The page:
Letters From a Bus
January 2008: Heading Home
1st entry for January
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Exploring the Lake Havasu Area

Lake Havasu City, AZ, Day Five at Havasu Falls RV Resort, Site: 76

New Year's Day, Tuesday, January 1, 2008 — Seven Months

Scott Walton returned to the Santa Cruz Mountains in California with Suzanne, Meranda and the kids at three o’clock Sunday morning.  Jan and Brent were left alone once again.  Jan is still recovering from a heart attack and surgery a few months ago.  She was tired and took a rest day.  Brent caught up on errands and work around the property.  He wants to leave everything in good shape for his mom before he leaves to go back to work.  Sunday, December 30, was mostly a rest day for us also. 

We liked Dee Downs and she liked us.  She said her husband, Dan, had missed out on a fun day at the beach.  She wanted to have him meet us and see our bus.  She called us Sunday morning and they both dropped by.  I served coffee and we spent a very pleasant time visiting and getting acquainted with them.  It felt like we had a lot in common.  They invited us to come over to their house later in the afternoon to meet their dog and see their home and their Tiffin Allegro 34TGA.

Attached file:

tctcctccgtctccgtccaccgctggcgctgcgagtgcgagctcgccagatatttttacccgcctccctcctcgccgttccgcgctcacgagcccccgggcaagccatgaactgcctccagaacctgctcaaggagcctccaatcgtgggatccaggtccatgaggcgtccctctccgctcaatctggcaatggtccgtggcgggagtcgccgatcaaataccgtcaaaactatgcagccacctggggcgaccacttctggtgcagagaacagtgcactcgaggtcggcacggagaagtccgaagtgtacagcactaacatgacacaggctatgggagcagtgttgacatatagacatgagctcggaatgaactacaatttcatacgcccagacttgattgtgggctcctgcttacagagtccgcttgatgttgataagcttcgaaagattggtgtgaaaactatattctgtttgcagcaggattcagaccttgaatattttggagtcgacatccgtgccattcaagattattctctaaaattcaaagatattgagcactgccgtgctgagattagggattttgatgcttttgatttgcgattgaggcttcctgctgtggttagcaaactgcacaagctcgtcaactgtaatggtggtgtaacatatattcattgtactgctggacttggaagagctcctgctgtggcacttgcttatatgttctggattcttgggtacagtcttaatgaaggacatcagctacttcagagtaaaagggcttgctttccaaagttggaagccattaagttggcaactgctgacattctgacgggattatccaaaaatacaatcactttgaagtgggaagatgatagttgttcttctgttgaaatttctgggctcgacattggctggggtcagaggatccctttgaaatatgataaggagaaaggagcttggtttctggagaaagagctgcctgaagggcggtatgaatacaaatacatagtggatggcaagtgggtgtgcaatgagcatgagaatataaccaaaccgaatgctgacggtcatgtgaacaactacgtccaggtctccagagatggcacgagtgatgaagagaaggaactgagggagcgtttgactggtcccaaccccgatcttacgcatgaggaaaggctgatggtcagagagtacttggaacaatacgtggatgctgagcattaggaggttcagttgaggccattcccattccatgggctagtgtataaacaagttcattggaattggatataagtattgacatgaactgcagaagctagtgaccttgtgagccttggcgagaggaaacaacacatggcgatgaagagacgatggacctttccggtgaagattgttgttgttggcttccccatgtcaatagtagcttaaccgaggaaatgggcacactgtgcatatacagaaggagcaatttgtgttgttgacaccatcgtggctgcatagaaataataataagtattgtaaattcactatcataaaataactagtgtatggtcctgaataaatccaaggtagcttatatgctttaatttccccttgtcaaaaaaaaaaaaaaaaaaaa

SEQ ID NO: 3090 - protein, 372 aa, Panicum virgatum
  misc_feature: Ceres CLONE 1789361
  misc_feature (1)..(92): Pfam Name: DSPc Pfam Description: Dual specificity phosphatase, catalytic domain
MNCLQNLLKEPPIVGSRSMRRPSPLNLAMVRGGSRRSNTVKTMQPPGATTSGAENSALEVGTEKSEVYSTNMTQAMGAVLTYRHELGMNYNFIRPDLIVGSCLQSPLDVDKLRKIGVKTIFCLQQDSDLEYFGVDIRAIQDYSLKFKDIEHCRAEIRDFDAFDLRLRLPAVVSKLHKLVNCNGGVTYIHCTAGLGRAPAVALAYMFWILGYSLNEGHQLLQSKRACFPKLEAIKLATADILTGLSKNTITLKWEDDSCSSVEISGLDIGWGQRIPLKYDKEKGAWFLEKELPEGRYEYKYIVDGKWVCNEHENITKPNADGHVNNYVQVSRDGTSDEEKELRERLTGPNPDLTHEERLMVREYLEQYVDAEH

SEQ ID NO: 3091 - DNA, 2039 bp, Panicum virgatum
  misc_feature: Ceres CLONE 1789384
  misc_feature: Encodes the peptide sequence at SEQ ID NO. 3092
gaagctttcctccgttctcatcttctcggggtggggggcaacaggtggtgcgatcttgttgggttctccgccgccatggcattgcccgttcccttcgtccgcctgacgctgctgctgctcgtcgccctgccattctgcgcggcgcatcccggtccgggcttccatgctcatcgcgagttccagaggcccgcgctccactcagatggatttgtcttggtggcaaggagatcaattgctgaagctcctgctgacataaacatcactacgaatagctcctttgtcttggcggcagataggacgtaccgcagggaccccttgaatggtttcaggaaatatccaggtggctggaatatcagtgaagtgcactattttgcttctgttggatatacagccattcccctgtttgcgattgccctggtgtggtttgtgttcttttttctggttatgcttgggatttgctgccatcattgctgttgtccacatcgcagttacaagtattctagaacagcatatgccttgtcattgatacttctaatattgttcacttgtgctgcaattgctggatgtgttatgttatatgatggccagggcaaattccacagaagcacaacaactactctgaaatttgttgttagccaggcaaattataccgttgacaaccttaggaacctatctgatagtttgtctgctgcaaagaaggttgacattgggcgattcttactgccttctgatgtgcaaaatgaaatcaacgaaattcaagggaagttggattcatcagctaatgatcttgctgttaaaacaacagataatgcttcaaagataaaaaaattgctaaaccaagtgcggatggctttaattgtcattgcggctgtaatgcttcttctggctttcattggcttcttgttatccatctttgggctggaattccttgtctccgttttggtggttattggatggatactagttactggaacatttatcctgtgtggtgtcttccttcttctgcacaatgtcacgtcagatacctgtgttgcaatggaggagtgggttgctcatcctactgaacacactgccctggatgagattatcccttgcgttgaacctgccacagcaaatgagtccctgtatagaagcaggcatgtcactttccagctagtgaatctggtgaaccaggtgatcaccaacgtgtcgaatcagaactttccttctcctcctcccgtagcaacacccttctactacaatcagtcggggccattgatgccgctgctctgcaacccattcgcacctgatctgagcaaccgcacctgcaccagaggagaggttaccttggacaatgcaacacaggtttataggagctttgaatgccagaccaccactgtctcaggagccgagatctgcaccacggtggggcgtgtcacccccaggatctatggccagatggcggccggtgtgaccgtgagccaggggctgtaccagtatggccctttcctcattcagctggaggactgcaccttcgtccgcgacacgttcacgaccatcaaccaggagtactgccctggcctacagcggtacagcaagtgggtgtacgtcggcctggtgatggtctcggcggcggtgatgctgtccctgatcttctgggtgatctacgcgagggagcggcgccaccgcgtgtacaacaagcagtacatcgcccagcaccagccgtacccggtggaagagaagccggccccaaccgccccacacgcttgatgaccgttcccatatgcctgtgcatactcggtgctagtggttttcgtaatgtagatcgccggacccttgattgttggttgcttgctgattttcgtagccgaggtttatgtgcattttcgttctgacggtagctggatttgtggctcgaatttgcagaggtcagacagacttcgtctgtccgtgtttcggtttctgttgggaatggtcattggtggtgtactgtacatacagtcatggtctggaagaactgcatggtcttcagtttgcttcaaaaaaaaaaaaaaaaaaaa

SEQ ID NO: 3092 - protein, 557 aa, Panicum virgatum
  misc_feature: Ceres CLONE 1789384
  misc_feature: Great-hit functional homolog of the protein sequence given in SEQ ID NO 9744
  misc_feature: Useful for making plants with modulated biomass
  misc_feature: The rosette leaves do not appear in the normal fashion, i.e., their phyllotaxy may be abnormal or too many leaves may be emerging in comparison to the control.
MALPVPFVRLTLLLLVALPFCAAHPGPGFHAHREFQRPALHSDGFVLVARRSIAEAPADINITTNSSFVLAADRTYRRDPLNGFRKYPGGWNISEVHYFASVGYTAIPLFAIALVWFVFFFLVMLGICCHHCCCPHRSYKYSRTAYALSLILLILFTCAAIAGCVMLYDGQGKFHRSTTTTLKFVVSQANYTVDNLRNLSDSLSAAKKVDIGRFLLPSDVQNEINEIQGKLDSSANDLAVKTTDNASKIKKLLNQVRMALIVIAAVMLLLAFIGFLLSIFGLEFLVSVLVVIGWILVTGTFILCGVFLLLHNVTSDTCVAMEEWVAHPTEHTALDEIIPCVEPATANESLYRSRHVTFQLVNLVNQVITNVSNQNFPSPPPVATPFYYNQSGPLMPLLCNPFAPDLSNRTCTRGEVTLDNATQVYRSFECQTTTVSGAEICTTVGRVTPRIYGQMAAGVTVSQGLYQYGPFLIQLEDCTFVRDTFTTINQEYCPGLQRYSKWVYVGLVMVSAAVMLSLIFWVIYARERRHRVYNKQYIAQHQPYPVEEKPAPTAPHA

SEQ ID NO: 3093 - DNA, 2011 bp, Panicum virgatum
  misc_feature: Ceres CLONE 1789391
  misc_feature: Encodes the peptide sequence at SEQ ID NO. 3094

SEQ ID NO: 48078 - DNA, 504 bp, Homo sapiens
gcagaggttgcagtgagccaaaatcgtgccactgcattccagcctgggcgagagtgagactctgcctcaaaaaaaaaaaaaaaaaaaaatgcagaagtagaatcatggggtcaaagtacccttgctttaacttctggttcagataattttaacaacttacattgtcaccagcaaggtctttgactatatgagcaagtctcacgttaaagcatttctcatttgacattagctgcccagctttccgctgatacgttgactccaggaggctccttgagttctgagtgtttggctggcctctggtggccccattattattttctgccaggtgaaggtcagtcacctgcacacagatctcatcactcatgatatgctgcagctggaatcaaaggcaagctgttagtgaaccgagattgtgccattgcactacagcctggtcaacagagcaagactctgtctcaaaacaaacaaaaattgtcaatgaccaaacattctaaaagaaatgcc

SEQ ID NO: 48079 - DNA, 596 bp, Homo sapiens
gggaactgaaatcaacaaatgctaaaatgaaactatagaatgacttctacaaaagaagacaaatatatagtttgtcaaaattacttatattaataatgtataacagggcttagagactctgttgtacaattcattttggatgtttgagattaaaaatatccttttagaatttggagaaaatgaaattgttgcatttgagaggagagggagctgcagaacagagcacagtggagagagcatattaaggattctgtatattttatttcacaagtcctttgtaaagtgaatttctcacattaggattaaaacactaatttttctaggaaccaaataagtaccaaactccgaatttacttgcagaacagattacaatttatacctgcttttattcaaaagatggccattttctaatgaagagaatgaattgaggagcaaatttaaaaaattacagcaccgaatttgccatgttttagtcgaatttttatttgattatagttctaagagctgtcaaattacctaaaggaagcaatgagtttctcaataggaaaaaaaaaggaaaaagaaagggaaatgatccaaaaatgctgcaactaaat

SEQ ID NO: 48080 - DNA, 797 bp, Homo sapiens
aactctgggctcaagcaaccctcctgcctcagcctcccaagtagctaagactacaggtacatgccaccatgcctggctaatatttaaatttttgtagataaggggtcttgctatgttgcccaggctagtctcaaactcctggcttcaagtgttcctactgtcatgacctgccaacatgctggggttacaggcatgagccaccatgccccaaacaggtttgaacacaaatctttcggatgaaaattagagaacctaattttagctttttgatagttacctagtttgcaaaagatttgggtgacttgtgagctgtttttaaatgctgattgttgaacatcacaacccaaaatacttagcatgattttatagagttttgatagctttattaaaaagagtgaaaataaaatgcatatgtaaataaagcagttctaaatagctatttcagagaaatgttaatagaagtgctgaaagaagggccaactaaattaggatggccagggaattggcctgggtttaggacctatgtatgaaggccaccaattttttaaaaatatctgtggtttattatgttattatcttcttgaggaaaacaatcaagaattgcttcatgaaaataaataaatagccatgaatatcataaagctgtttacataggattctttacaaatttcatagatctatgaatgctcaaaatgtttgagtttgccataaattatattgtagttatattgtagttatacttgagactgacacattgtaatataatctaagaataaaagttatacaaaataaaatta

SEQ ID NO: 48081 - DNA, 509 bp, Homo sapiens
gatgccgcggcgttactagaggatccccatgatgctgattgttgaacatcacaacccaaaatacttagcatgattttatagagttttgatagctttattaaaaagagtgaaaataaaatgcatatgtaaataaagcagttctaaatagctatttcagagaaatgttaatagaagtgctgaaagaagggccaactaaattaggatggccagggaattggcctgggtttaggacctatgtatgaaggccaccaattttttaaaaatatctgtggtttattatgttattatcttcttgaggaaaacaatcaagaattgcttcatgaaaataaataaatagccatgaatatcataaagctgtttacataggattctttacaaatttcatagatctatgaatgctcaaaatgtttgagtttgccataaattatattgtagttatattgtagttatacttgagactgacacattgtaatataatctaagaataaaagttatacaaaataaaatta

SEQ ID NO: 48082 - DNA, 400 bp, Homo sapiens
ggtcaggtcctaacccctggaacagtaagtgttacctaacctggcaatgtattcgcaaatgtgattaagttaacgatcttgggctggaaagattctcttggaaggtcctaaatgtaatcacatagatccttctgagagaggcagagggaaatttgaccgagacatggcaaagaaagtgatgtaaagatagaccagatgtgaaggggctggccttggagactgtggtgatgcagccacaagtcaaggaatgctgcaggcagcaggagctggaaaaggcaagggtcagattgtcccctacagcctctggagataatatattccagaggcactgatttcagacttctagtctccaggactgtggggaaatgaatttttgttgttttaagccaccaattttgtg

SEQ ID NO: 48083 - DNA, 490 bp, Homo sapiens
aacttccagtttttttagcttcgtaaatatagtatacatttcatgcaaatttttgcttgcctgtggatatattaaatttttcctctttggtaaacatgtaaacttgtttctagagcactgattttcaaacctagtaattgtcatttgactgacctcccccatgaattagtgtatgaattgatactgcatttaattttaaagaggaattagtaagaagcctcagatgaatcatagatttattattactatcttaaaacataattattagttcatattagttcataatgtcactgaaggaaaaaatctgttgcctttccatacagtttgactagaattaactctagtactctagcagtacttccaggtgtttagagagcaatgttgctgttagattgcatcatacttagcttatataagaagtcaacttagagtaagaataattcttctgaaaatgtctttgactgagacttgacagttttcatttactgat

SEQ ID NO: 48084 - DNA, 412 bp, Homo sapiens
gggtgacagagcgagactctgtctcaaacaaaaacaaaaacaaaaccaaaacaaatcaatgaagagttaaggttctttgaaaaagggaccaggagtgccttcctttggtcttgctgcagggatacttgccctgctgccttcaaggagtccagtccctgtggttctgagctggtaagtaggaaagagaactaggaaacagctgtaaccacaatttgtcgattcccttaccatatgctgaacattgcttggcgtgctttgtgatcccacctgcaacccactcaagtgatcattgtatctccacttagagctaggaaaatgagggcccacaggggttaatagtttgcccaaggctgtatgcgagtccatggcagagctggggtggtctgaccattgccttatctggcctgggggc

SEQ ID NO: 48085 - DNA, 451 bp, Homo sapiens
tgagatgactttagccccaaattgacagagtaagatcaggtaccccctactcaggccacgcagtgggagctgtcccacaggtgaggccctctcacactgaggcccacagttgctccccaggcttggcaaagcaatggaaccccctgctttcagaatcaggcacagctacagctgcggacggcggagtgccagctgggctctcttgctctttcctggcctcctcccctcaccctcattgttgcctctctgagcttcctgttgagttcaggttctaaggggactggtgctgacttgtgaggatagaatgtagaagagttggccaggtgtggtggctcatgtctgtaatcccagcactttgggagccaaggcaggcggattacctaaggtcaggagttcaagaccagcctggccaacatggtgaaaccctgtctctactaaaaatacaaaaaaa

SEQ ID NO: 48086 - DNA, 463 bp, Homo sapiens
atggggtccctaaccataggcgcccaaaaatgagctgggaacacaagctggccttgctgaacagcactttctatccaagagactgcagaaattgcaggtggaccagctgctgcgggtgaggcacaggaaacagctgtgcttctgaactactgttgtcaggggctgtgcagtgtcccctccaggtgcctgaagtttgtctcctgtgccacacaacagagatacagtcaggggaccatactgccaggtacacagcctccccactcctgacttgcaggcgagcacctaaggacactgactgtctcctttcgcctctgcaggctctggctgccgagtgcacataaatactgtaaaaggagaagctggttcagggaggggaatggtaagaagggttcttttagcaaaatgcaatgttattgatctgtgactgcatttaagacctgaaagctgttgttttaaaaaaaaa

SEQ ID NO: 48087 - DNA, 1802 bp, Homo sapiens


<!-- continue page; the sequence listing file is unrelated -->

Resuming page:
It was a beautiful sunny day.  Brent thought that there was a cruise ship that would take us up the river for an hour and a half to the Avi Casino & Resort in Laughlin.  He said we could eat there and then  take the boat back.  So we drove over to London Bridge where we’d had dinner at Shugrue’s on Friday night.  We walked along the river where boats were docked and talked to a man by a big paddleboat.  He said those cruise boats operate in reverse.  They start at the Laughlin and Bullhead City casinos and go south to Lake Havasu, stop to let the passengers roam around and eat and then return.  We called Brent to let him know and then sat outside for breakfast at the Makai, located next to London Bridge on the Havasu Island side.

London Bridge is a curiosity here in the desert.  In Arizona, it is the second biggest tourist attraction after the Grand Canyon.  The theme of shops and restaurants is somewhat Tudor England although the Hawaiian Makai and the tropical gift shop next door did not follow suit.  Why the Makai considered itself to be Hawaiian I do not know.  Papaya and guava juice were not on the menu.  The sun felt pleasant and the view of the bridge and the river was unique but there was a strong odor of diesel drifting up from the river.  And the Makai made the unfortunate choice of anchoring metal webbed chairs to their round patio tables so that it looked and felt like a fast food patio. 

Sitting on the patio at the Makai for breakfast. A water garden feature by the Makai has rapids flowing down to the river.
We are on Havasu Island by the Makai Restaurant looking at London Bridge towards Lake Havasu City.